I.F.T.15: The next big global flavors

by Monica Watrous
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Food manufacturers are tapping into the exotic flavors trend with the introduction of ethnic meal kits, such as Old El Paso Restaurante soft taco dinner kit and Tai Pei seasoned chicken for lettuce wraps.

CHICAGO — The American palate has become well traveled. As consumers show greater interest in global cuisines, foreign flavors are flooding the marketplace in such familiar formats as snacks, sauces, meal kits and more.

“When we look across our consumer data, we have a very clear-cut group of consumers who are very interested in those even more exotic flavors and getting even more adventurous,” said Jenny Zegler, global trends analyst for Mintel, during a presentation at the Institute of Food Technologists’ annual meeting and food exposition held July 11-13 in Chicago.

Unsurprisingly, Italian and Hispanic cuisines are the most common choices for consumers dining out or cooking at home, according to Mintel research.

“Consumers are a little more familiar with taco nights, spaghetti, that type of thing,” Ms. Zegler noted. “But we are seeing a move toward more hybrid or fusion cuisines as well as spicy flavors.”

A taste for adventure and authenticity is driving demand for exotic dishes. A visit to a particular country or region spurs interest in international cuisine for a fifth of U.S. consumers who eat ethnic foods.

But many more consumers discover dishes from distant lands on restaurant menus, and food manufacturers are tapping into this trend with the introduction of ethnic meal kits, such as Old El Paso Restaurante soft taco dinner kit and Tai Pei seasoned chicken for lettuce wraps.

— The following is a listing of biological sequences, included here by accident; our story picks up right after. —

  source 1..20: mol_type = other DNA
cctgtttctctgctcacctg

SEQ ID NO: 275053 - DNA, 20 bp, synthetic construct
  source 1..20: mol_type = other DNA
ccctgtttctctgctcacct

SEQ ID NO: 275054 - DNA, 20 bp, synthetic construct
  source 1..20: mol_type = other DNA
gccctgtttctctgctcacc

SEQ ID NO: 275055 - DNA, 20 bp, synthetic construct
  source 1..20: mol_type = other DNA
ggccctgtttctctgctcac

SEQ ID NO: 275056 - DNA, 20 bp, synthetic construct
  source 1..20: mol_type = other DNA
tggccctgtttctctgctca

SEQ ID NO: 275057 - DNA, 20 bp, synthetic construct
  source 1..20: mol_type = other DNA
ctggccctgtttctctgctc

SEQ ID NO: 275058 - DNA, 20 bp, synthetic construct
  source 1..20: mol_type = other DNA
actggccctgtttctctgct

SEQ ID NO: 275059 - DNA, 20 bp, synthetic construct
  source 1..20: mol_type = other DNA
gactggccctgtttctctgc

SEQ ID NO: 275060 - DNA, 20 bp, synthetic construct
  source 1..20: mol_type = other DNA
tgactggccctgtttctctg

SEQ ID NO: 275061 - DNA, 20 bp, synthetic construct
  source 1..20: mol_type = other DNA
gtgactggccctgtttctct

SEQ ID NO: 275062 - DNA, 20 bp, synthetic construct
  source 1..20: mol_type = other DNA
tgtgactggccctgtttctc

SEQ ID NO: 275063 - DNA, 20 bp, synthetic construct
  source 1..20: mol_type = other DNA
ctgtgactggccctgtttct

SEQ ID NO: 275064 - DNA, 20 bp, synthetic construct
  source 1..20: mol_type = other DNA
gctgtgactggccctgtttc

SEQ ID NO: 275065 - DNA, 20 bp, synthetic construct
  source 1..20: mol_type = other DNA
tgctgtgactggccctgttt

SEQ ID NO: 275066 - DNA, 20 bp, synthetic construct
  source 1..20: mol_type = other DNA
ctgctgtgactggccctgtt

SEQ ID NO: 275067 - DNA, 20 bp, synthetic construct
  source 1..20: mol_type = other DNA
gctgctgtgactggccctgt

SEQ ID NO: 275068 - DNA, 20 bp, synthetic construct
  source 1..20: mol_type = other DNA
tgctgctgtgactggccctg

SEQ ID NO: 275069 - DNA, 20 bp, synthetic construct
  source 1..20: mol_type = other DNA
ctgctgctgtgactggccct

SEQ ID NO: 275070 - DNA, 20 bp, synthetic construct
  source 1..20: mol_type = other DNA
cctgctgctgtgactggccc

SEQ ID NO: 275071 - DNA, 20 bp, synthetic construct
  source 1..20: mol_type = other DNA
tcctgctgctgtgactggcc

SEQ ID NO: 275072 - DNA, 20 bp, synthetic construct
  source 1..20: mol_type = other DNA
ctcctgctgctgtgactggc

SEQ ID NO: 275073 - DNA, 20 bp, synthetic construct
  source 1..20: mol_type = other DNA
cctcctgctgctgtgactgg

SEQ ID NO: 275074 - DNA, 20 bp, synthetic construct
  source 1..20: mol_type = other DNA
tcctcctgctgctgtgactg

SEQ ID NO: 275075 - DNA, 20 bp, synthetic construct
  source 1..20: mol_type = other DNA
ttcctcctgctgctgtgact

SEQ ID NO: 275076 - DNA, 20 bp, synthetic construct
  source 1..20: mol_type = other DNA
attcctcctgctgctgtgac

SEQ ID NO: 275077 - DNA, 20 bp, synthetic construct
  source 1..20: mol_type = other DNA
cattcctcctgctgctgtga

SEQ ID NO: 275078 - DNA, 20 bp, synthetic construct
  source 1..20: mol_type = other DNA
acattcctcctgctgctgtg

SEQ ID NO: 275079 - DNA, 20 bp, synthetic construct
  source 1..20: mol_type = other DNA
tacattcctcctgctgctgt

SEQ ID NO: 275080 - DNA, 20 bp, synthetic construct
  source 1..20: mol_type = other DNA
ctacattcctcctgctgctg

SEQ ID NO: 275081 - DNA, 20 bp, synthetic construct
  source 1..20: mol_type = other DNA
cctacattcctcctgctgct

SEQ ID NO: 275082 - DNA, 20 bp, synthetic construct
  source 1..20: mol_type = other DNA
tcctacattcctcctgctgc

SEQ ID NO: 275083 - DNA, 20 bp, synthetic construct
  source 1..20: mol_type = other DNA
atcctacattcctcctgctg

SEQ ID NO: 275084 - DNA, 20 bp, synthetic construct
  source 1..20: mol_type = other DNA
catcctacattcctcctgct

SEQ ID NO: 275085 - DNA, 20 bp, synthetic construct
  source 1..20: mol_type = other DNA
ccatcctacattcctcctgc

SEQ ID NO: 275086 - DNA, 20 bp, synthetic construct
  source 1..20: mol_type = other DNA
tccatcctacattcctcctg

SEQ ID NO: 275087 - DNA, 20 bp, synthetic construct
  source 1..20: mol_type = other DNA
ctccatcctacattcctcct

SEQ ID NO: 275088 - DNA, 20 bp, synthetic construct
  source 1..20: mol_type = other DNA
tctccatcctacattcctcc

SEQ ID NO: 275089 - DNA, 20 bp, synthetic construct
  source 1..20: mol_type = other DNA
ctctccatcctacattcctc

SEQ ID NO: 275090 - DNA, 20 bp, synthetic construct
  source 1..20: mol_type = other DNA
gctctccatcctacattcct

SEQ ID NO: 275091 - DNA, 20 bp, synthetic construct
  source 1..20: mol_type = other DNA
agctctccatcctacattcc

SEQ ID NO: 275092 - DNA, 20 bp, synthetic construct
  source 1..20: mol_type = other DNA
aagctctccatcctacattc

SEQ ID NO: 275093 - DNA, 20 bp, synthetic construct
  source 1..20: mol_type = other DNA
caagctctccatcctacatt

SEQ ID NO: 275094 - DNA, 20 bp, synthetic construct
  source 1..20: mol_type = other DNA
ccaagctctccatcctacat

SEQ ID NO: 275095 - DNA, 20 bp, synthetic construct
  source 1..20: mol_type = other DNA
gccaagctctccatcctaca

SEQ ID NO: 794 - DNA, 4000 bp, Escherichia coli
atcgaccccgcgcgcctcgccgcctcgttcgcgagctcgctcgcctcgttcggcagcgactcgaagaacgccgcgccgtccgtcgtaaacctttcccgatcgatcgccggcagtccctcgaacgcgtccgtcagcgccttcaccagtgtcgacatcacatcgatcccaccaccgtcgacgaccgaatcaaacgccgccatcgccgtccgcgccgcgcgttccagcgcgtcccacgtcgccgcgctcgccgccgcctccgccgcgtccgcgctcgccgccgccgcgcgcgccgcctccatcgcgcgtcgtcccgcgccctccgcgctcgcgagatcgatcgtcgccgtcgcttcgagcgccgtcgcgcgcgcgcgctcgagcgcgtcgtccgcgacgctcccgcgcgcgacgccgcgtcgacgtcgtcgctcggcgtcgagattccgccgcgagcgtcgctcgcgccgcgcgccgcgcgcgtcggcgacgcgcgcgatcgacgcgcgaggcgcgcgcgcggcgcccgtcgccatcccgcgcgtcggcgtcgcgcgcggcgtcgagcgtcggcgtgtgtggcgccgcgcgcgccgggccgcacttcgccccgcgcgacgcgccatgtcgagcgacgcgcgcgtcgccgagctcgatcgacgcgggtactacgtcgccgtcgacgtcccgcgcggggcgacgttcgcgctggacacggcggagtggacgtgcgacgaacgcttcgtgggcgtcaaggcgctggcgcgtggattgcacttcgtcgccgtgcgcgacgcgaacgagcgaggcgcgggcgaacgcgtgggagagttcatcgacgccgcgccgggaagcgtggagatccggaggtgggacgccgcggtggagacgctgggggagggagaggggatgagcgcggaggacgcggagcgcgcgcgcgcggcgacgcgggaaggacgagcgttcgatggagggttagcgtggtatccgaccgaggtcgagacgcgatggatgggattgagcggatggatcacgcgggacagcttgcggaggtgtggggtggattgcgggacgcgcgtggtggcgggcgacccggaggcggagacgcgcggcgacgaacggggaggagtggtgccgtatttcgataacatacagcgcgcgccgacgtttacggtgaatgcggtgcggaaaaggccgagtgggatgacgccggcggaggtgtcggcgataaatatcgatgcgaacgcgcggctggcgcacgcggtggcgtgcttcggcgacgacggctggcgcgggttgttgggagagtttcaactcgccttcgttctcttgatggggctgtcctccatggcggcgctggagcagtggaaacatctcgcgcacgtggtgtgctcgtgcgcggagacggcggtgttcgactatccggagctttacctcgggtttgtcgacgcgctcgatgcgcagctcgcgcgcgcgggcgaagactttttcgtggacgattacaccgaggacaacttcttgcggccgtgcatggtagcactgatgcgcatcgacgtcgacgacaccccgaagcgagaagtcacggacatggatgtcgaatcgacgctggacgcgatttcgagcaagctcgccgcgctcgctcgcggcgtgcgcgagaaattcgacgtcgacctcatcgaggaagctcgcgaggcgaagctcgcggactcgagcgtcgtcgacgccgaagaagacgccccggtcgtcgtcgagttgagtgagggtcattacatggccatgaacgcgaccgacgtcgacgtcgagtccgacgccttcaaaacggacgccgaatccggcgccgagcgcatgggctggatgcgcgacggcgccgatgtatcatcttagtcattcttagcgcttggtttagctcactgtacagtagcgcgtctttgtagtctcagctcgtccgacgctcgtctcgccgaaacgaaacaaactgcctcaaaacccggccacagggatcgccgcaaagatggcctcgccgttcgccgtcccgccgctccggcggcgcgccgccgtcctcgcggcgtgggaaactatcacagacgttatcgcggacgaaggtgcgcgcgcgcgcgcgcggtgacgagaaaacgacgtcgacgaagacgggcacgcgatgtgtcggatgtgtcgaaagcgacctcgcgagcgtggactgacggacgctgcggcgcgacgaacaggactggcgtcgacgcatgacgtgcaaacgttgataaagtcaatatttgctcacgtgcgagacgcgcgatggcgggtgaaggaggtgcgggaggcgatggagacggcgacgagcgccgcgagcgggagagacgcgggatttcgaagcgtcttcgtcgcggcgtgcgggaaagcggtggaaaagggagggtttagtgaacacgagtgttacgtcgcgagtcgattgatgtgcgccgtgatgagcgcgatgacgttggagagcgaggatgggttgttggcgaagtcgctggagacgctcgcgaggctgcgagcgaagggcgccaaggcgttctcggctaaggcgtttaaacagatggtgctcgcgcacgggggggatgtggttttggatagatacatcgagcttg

“This is helping consumers recreate that dish at home,” Ms. Zegler said. “It’s really giving consumers that shortcut to those ethnic flavors, which is important, especially for those cuisines that consumers may not be all that familiar with every ingredient that goes into it.”

Mintel also noted a surge of international inspiration in new sauces, seasonings, snacks and sweets.

Jenny Zegler, global trends analyst for Mintel.

“Sauces are a really easy option that consumers can just top their products with to try something out, and they know they can use it in a number of different ways,” Ms. Zegler said. “For those consumers who are really comfortable with those ethnic flavors, seasonings are that next step. These are consumers who are going to be cooking at home with these products and want to be able to mix and match the flavors and be able to customize it.

“(The opportunity with) snacks is consumers can’t get enough of snacking… and snacking is something that can introduce them to these new flavors, we have popcorn and potato chips and naan chips and pumpkin seeds that really are brining in these different flavors.”

Beverages are another avenue for global flavors and ingredients, as seen in such examples as Dahlicious Lassi organic Alfonso mango-flavored cultured milk, Califia Farms kiwi cactus lemonade, and Taste Nirvana coconut water with Thai chili extract.

A growing trend in globally inspired food products are hybrids and fusions, such as Lean Cuisine’s garlic chicken spring rolls, which combines Italian flavors in an Asian format, or EVOL’s Korean barbecue street-style tacos.

Tying product development to current events presents another opportunity. A number of European snack launches last year, for example, featured Brazilian flavors to capitalize on the excitement of the World Cup.

“There really is a world of opportunity,” she said. “Consumers are interested in a whole bunch of different regions.”

Here are six emerging sources of international flavor inspiration.

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